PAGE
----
Movies Till Dawn: ’80s Artifacts

* indicates that the film is also available to rent, buy, or stream from various platforms. Please note that streaming version may different from these discs’ presentations.

Cutting Class” * (1989, MVD Rewind) Just who, wonders winsome Jill Schoelen, is dispatching the staff and students at her high school (played by Excelsior High in Norwalk) with ruthless efficiency and diabolical creativity? Is the culprit her athlete boyfriend (a pre-fame Brad Pitt)? The creepy principal (Roddy McDowall)? All fingers seem to point at new kid Donovan Leitch, freshly sprng from an asylum. The answer is, well, largely irrelevant in this curious late-entry slasher film, which lists heedlessly from straight-ahead body count thriller to weirdo comedy; the latter element is best summed up by a recurring bit involving Martin Mull as Schoelen’s father, whose struggles to get home after being skewered with an arrow hinge between slapstick and surreal. The tonal shifts in “Cutting Class” are, undoubtedly, one of the primary reasons for its enduring cult appeal (the others are, of course Pitt, who manfully shoulders his dopey role, and some absurdly gross murders), and in turn, MVD’s deluxe UHD/Blu-ray presentation. The two-disc set includes interviews with Schoelen and Leitch, who have kind things to say about the film’s eclectic helmers – frequent John Boorman scripter Rospo Pallenberg in his directorial debut and writer Steve Slavkin, who later penned lots of kid TV – and their castmates. Devotee will be pleased by the inclusion of the longer and gorier unrated version of the film, the bloody highlights of which are spotlighted in a short kill-count featurette.

Conan the Barbarian” * (1982, Arrow Video) Speaking of pre-fame: bodybuilder Arnold Schwarzenegger, still unsure of his screen presence (and the English language), gets the perfect spotlight for his superhuman physicality in this loose but energtic adaptation of Robert E. Howard’s pulp sword and sorcery stories. Director John Milius and co-writer Oliver Stone invest the material with cinematic and philosophical references (“Kwaidan” in the former, quasi-mysticism and Nietzschean tenets in the latter), which lend a sort of teenage stoner gravitas to the material that inspire more giggles than awe; however, these elements can’t undo the film’s best elements – the impressive production design and Spanish locations, which resemble Frank Frazetta paintings come to life; James Earl Jones as the awesomely monikered cult leader/villian, Thulsa Doom, Mako as Conan’s wizard advisor, and the great William Smith as Conan’s father; some absurdly violent battles and Basil Poledouris’s thunderously epic score, which is undoubtedly what it sounded like inside Ronnie James Dio’s head. Arrow’s 4K UHD two-disc set – which requires that particular tech to play it – bundles a 4K scan of the theatrical and international cuts of “Conan” with a 130-minute Extended Cut (all looking great), adds commentary by Milius and Schwarzenegger and a second track by Conan historian Paul M. Sammon, and piles on the extras, including new and vintage making of featurettes, interviews with all of the cast and crew (including designer Ron Cobb and producer Dino De Laurentiis), a tribute to Poledouris, deleted scenes, trailers, and even a glimpse at Marvel Comics’ Conan imprint.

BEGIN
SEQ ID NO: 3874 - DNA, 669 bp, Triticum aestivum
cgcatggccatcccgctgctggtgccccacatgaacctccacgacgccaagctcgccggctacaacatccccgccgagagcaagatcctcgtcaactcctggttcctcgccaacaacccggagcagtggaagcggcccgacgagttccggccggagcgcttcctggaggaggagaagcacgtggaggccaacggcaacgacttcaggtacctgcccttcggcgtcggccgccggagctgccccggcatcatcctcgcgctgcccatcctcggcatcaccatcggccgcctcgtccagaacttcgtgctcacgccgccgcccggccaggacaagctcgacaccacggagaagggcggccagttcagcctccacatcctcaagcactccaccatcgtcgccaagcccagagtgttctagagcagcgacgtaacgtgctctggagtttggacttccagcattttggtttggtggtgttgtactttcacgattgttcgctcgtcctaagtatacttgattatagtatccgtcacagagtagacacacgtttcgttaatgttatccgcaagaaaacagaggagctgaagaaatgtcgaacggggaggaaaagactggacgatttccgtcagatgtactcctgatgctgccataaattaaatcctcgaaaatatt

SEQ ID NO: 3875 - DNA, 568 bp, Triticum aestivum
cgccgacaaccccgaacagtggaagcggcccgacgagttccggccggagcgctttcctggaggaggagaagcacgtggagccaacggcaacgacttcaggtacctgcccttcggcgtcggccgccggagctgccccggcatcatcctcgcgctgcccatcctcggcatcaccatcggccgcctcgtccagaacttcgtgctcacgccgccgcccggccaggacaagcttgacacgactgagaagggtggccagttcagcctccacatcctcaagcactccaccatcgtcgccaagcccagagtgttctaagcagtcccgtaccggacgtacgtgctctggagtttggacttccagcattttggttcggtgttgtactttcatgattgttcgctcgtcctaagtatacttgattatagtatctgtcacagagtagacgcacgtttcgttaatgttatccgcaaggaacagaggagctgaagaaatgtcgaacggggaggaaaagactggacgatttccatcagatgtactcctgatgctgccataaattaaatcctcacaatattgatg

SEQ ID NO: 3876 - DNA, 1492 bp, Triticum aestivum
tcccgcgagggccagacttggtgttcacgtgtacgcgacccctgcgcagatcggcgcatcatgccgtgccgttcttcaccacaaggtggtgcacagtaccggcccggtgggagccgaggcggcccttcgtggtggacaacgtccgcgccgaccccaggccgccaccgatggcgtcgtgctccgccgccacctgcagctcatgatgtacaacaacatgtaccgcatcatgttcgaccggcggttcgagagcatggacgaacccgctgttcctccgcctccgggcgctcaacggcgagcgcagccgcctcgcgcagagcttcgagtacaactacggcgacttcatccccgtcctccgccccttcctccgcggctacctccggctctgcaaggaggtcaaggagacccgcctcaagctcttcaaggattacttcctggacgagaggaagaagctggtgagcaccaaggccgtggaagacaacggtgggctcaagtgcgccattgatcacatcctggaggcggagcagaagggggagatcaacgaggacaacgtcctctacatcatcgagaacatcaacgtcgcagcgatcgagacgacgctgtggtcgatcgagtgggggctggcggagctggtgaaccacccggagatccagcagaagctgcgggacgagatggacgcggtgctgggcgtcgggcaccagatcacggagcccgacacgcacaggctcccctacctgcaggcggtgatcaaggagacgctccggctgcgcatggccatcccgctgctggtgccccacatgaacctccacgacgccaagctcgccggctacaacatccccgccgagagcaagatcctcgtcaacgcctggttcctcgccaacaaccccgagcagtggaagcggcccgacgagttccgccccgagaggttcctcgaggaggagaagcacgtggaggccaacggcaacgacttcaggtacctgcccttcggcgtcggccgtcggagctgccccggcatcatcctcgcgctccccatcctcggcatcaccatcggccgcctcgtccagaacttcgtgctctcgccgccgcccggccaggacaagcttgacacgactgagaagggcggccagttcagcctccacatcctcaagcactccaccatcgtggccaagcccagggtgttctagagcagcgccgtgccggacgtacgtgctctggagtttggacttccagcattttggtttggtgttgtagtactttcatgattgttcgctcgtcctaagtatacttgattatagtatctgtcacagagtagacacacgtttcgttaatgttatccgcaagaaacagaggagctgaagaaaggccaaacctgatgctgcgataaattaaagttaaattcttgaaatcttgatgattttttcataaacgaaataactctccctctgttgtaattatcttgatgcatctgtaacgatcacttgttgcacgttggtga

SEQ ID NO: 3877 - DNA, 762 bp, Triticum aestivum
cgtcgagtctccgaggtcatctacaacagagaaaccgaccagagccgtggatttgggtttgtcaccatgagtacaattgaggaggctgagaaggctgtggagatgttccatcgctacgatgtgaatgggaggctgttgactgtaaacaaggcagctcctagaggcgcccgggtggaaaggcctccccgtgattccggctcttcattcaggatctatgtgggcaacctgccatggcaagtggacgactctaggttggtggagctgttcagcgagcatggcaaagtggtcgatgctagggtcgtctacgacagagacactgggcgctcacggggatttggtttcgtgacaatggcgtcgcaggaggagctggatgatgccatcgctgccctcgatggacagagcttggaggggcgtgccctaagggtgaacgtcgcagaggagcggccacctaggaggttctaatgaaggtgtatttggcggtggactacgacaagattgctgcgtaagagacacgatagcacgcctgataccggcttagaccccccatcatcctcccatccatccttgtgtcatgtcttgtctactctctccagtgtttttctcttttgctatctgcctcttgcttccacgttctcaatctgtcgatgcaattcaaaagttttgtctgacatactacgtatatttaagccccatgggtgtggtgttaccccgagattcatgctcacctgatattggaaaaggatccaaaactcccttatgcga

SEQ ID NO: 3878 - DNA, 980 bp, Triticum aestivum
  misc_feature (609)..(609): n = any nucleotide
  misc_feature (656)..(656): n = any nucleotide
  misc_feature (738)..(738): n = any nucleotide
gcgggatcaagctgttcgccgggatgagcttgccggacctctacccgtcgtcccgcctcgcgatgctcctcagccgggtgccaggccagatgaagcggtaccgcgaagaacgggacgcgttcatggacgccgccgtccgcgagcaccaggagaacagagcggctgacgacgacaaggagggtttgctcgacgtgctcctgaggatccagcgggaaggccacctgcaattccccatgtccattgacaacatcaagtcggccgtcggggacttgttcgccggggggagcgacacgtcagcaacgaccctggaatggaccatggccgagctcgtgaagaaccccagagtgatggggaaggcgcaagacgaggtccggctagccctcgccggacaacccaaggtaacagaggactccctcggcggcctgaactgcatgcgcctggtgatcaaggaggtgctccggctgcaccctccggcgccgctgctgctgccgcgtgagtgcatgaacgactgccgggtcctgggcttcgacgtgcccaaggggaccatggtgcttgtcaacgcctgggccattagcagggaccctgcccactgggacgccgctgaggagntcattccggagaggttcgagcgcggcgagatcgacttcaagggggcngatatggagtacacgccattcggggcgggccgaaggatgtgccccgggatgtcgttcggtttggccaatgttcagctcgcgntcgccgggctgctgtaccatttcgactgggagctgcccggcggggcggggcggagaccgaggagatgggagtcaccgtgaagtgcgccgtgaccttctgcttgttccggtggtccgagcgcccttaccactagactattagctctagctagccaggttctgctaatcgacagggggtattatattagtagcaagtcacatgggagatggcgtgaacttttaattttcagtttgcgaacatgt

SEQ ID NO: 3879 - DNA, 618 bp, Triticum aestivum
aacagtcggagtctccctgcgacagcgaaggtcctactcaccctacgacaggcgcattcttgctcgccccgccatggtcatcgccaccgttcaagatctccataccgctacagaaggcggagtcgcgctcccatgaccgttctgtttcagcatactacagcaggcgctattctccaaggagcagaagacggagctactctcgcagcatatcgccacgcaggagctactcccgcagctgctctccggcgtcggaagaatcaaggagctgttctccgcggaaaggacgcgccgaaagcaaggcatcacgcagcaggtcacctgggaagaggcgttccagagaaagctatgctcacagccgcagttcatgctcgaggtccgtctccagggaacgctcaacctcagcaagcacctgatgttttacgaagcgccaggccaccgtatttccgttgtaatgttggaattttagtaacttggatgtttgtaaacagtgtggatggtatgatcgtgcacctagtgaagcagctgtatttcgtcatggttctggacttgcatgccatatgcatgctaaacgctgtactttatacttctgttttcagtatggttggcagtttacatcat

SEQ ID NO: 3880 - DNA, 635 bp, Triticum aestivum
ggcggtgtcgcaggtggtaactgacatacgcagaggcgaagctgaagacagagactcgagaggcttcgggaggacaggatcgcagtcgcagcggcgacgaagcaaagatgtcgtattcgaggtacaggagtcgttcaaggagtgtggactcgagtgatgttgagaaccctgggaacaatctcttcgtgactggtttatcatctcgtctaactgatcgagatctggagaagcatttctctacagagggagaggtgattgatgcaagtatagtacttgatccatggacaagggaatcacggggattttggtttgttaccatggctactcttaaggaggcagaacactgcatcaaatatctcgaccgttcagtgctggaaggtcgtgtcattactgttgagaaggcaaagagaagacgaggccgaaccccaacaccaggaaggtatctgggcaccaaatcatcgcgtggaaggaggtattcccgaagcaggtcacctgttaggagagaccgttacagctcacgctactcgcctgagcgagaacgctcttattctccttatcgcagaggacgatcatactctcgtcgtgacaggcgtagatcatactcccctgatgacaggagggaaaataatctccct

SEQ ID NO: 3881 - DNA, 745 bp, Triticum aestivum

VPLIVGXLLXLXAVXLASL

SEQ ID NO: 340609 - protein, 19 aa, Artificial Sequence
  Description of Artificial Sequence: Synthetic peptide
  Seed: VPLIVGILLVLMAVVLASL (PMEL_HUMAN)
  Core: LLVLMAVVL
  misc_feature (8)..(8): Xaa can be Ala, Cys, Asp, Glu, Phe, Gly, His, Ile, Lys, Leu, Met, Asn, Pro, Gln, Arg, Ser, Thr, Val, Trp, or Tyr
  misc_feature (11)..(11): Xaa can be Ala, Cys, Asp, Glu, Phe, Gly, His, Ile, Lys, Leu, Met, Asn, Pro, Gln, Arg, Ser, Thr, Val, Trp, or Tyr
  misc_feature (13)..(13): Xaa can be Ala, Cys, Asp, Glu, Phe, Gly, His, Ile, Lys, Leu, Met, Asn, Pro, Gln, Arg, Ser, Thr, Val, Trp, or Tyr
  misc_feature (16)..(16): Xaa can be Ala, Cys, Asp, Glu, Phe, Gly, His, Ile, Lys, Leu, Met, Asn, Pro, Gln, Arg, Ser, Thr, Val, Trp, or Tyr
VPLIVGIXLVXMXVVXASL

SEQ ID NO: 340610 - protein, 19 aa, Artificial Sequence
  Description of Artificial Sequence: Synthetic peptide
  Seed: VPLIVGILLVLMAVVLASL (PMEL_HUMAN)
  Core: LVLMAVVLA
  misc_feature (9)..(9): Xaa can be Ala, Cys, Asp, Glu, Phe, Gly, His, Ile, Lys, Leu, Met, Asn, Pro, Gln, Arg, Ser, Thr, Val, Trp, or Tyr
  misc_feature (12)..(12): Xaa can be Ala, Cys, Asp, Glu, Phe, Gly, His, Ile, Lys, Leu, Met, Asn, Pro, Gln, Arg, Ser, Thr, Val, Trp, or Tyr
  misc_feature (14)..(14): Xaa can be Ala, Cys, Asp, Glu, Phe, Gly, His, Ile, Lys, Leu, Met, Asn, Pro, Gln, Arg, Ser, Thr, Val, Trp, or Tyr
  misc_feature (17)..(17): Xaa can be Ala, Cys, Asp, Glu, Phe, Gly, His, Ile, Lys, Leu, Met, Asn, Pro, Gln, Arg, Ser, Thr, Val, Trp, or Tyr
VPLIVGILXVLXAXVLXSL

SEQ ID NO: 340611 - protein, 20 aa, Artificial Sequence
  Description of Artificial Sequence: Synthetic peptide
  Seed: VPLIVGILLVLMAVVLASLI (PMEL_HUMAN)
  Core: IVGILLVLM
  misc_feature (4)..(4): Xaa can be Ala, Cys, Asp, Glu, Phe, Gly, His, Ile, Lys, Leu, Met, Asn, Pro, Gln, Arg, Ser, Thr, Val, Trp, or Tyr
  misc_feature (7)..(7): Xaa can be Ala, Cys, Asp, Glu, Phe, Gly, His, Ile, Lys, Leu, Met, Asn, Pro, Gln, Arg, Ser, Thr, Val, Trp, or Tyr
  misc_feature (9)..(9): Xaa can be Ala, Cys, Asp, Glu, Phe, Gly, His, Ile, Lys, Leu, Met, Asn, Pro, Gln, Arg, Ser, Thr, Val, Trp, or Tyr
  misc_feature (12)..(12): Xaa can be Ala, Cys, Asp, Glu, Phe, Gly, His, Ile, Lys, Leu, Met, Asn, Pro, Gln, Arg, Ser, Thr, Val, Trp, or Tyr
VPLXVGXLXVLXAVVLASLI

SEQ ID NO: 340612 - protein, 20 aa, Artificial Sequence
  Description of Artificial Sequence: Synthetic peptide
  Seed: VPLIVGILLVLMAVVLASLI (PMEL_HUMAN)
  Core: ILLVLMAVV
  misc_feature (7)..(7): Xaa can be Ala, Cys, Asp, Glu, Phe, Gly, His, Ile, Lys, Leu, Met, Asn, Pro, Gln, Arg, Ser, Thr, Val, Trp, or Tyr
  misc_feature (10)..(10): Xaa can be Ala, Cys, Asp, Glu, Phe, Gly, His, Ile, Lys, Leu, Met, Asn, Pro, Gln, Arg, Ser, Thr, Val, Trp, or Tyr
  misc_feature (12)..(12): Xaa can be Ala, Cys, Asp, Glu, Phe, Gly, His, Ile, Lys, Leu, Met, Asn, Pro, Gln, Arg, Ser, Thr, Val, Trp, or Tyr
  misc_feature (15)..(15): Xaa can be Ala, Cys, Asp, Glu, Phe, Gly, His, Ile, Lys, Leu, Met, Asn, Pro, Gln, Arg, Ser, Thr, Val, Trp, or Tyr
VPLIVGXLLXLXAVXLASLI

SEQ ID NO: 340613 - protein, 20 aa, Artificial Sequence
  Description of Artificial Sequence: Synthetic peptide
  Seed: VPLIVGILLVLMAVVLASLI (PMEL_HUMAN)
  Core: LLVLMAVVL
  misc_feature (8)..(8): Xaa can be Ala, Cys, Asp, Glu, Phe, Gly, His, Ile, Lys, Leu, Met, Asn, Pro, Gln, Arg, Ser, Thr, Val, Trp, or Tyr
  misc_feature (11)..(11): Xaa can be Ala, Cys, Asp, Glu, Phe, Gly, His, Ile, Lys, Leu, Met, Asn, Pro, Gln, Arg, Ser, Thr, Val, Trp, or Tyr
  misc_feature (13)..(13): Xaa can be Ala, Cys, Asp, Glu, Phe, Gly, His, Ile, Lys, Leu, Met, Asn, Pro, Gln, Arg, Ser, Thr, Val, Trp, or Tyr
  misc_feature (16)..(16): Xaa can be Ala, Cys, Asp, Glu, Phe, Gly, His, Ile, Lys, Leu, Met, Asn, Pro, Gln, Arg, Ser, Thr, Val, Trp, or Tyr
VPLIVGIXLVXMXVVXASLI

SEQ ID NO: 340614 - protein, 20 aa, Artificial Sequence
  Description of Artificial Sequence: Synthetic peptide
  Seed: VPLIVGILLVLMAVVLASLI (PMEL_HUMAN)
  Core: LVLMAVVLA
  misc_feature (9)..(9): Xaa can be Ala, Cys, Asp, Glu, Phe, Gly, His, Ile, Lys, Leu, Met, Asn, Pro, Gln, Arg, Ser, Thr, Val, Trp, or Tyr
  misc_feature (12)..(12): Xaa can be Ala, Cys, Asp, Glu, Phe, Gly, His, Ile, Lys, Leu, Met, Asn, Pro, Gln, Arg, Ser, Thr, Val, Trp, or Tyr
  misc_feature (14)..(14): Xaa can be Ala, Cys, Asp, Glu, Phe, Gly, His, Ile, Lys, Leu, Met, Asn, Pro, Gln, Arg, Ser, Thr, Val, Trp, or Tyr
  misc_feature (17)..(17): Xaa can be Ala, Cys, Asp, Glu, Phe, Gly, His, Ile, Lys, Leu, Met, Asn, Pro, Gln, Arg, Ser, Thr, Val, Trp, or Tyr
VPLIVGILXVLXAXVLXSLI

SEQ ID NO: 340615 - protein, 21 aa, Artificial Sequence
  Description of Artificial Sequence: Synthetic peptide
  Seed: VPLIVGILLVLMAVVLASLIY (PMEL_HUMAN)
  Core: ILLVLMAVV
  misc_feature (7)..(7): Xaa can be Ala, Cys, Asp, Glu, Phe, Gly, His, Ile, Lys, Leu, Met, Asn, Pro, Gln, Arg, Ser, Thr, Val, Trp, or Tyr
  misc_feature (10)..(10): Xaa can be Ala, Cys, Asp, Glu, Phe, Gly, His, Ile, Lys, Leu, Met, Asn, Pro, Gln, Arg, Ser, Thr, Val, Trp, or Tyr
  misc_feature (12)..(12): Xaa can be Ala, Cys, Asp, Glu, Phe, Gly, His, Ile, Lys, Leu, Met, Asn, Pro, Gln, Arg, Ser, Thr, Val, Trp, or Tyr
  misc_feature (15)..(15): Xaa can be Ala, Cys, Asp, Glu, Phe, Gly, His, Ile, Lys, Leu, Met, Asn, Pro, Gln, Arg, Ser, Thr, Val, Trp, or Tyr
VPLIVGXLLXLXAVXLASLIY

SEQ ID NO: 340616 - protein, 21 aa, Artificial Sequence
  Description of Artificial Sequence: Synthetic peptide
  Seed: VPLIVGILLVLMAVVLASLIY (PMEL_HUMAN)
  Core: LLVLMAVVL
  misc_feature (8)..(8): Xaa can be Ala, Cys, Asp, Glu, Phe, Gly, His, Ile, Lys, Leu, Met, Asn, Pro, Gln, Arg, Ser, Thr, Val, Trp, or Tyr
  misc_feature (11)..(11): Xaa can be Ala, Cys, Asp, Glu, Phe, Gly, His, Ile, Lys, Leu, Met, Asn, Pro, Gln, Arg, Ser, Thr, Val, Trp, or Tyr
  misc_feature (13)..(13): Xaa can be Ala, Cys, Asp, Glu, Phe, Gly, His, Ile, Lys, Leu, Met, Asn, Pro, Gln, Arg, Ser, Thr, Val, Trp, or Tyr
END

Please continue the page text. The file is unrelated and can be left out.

Split Image” * (1982, Kino Lorber) Clean-cut college kid Michael O’Keefe (“Caddyshack”) takes one look at Karen Allen and (understandably) ditches his upper-middle class upbringing in favor of her cult, a quasi-Christian mind control outfit overseen by Peter Fonda (which should have sent up any number of red flags); parents Brian Dennehy and Elizabeth Ashley call in deprogrammer Jamers Woods, who kidnaps O’Keefe and begins the agonizing process of breaking the cult’s grip on him. The script by, among others, “Endless Love” novelist Scott Spencer, seems unsure whether Fonda’s cult, Woods’ deprogramming, or Dennehy and Ashley’s home is the worst possible scenario for O’Keefe (whose final choice further muddles matters); thankfully, all of the performers (especially Woods, whose signature intensity is set for kill here) and Ted Kotcheff’s direction maintain an even keel. Kino Lorber’s Blu-ray features a 2K restoration and commentary by critic Daniel Kremer.